Cross references: Amphioxus Motor Nerves
Myomere Myoseptum Amphioxus Locomotion
Muscle Innervation Medial Motor Column
Motor Neuron Evolution Motor Nerve Organization
Fast vs. Slow Twitch Muscles
A review of the organization and evolution of motoneurons
innervating the axial musculature of vertebrates (Goog) - 1986
For other species, see: Motor Neuron Evolution .
"The Cephalochordates (amphioxus) have some features of the motor organization found in most Anamniotic vertebrates. These include a Myomeric organization of musculature, functionally different superficial and deep fiber types, and comparable populations of motoneurons."
"The cephalochordates are the most primitive extant group of chordates having a segmental organization of axial musculaturey [9,12]. In Brunchiostoma (Amphioxus) the axial musculature is formed by a series of V-shaped Myomeres with the apex of the V pointing rostrally. Each of the myomeres consists of a stack of horizontal, sheet-like, muscle fibers which extend from Myoseptum to myoseptum . The muscle fibers are divided into two major types shown in Fig. 1.
The deep fibers, which form the first type, span the mediolateral extent of the myomere, and contain regularly arranged, densely packed myofibrils.
The superficial fibers form the second type. They extend from the lateral surface of the myomere only a short distance medially, ending about one-fifteenth of the distance in toward the medial edge of the myomere. They have a more irregular array of myofibrils than the deep fibers, contain a larger number of mitochondria, more glycogen, and stain more strongly for succinic dehydrogenaseso.
Both fiber types are distributed throughout the dorsoventral extent of the myomeres in a ratio of about one superficial fiber to every 3 deep. There may also be a separate, intermediate fiber type, although Flood  was not certain that this type was distinct from the other two."
"Fig. 1. Organization of the musculature and its relationship to the spinal cord in Branchiostoma.
The superficial muscle fibers (S) send processes (t) to a dorsal compartment (Do) of the spinal cord while the deep (D) and intermediate fibers (I) send processes (T) to a ventral compartment (Ve).
M, myoseptum; N, nuclei. Reproduced (ref. 50) with permission of author and Springer Verlag."
"The ‘ventral roots’ observed by other workers are muscle processes, not nerves. These processes contact a specialized region of the ventral portion of the cord which lacks a glial covering and contains a large number of boutons with vesicles.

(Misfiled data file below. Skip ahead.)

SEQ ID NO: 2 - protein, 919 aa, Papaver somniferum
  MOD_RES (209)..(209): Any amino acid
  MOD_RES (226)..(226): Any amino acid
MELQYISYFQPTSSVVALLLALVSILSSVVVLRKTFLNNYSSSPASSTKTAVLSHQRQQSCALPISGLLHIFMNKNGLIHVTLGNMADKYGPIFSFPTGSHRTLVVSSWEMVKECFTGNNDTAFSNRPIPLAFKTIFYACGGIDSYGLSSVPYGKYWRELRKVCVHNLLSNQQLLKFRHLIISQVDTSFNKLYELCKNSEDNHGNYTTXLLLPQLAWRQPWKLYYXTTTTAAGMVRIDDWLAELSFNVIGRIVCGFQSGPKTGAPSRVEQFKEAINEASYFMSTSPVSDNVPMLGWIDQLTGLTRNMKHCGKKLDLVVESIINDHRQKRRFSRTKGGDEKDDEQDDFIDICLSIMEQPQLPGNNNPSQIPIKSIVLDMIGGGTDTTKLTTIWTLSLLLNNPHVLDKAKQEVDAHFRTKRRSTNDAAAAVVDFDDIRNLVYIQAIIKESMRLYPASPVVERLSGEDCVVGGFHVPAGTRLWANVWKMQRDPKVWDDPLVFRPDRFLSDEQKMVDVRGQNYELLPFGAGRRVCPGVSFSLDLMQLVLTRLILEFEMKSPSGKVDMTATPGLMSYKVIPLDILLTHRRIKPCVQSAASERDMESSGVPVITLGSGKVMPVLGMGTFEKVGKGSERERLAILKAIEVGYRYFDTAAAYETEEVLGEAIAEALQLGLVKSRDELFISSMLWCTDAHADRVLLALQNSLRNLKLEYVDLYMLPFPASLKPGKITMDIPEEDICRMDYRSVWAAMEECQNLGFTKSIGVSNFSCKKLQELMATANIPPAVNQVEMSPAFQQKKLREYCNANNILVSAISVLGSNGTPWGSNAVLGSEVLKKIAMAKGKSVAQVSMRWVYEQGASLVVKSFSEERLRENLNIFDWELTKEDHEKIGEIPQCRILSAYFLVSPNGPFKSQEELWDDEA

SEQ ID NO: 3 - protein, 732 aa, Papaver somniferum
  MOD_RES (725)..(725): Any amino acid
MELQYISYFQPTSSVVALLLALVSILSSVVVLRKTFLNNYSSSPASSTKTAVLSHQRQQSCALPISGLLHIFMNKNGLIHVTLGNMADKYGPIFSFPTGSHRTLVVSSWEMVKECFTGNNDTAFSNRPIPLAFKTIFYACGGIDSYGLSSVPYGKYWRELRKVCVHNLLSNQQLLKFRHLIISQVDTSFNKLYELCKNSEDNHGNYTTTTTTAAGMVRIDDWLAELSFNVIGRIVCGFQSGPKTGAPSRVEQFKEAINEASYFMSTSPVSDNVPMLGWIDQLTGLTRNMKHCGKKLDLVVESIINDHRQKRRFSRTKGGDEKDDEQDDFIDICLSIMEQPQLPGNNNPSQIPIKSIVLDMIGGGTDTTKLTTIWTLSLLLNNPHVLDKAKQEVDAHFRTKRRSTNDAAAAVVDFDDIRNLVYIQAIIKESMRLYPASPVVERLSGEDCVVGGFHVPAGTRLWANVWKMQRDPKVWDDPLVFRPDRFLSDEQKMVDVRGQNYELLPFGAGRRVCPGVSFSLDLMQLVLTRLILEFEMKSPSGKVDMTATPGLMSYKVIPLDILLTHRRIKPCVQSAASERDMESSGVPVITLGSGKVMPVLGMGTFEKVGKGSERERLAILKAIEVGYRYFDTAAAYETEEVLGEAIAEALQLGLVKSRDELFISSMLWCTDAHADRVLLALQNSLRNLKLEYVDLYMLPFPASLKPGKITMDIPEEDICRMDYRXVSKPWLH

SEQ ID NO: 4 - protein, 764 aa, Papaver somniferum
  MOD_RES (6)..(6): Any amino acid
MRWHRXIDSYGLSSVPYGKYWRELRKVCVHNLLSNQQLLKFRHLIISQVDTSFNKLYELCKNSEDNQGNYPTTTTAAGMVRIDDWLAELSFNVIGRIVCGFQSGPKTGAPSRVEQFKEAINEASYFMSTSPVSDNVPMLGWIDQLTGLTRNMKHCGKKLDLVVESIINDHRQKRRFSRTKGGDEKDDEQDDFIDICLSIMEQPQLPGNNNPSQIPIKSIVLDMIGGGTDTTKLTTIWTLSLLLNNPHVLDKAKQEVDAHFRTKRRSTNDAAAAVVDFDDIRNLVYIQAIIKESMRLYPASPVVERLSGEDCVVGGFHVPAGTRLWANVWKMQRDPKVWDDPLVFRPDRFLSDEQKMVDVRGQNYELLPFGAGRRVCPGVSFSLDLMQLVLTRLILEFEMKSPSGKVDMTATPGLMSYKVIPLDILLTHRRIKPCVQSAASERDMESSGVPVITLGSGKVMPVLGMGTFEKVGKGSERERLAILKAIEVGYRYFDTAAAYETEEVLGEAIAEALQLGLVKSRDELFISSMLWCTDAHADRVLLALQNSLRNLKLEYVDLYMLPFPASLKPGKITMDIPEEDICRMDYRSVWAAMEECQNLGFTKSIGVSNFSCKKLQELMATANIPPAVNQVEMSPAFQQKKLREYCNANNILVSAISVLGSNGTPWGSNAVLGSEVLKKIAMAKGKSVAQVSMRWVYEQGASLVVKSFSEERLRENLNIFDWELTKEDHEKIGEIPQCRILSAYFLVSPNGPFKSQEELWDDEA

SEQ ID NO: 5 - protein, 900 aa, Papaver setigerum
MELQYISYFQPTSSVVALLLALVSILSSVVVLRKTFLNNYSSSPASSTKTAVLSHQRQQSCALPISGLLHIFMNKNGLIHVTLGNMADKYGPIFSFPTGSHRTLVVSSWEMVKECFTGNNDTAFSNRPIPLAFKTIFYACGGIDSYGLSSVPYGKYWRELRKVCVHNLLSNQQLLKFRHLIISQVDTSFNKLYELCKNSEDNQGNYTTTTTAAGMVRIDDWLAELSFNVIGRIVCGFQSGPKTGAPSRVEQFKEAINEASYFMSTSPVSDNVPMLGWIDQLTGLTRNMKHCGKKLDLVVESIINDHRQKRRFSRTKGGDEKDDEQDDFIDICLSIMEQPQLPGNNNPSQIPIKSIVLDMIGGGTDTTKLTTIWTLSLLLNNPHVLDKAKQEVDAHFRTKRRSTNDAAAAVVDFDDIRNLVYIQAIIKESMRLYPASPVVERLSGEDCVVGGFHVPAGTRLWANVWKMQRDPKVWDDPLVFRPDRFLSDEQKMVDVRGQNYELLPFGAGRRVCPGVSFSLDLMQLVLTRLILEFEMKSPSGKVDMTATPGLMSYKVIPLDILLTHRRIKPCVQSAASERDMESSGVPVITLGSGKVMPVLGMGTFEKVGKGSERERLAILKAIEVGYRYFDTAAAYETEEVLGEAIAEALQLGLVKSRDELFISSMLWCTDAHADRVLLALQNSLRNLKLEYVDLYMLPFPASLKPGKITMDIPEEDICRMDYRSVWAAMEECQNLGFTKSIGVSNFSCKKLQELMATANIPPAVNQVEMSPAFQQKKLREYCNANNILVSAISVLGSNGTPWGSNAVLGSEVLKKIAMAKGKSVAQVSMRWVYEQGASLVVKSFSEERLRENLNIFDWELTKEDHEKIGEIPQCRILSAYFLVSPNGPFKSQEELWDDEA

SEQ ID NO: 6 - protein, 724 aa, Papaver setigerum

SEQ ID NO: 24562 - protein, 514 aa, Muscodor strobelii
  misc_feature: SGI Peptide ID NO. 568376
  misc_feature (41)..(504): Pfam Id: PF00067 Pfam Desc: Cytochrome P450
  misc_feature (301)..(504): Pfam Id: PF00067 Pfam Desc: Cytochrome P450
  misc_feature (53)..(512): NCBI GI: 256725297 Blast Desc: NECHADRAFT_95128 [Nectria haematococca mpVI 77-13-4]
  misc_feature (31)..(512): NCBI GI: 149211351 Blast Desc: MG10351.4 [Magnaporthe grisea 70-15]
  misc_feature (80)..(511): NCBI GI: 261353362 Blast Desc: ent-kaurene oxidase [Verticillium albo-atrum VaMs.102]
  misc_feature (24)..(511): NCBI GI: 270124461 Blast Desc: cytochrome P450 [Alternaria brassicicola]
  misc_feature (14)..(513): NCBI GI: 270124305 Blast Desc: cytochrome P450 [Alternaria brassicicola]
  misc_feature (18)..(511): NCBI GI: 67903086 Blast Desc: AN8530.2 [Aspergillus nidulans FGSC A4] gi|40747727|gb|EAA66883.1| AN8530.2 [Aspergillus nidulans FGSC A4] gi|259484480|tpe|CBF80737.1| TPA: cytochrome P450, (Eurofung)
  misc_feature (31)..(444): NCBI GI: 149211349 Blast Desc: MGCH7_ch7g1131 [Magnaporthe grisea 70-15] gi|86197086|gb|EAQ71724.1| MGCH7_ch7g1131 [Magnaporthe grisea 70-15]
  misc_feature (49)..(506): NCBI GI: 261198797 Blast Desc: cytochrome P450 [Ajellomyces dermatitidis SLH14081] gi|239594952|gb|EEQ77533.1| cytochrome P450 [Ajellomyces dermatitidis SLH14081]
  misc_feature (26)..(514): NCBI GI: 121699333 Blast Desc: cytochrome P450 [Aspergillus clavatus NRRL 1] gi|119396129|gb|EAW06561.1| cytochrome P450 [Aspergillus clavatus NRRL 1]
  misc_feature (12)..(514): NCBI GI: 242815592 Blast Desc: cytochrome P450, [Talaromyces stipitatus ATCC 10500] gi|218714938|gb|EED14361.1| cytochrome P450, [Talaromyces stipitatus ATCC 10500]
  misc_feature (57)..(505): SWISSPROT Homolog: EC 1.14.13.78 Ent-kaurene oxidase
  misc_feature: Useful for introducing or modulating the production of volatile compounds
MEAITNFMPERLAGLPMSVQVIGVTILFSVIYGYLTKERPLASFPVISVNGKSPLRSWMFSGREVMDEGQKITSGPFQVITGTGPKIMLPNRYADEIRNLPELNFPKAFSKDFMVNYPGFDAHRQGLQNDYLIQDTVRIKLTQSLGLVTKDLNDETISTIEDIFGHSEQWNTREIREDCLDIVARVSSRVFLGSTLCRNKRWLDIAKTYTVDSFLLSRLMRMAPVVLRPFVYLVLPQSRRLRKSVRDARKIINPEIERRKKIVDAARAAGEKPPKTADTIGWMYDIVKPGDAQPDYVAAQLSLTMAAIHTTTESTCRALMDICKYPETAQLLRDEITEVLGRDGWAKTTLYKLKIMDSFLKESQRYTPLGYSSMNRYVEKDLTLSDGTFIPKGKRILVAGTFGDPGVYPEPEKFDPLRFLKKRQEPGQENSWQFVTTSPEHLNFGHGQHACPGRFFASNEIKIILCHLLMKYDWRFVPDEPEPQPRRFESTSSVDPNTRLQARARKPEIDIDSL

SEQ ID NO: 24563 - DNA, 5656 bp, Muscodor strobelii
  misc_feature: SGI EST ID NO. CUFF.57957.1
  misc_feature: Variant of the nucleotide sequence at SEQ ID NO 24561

This region is divided into a dorsal compartment containing large boutons with relatively small vesicles (50-60 nm diameter) and a ventral compartment having smaller boutons and relatively large vesicles (100 nm diameter).
The processes of the two different types of muscle fibers in the Myomere contact these two compartments in the cord (Fig. 1). The superficial fibers send long thin processes to contact the dorsal compartment, while the deep fibers send relatively large processes to contact the ventral compartment.
Thus, there is a spatial segregation of the region of contact of the two different muscle fiber types with the cord."
This review does not distinguish the muscle fibers on the basis of color, i.e. red or white. Rather, it says "The muscle fibers are divided into two major types ...
The deep fibers, which form the first type, ... contain regularly arranged, densely packed myofibrils.
The superficial fibers ... have a more irregular array of myofibrils than the deep fibers, contain a larger number of mitochondria, more glycogen, and stain more strongly for succinic dehydrogenase. "
The difference between the motor neurons innervating the two fiber types is not based on color, i.e. red or white, either. Amphioxus Motor Nerves says "The synaptic zones in each segment consist of two distinct domains, the ventral (VC) and dorsal (DC) synaptic compartments. Both utilize acetylcholine as a transmitter. The ventral synaptic compartments are where the deep, anaerobic, fast muscle cells receive their innervation. The dorsal compartment is where the superficial, aerobic, slow muscle cells of the myomeres receive their innervation."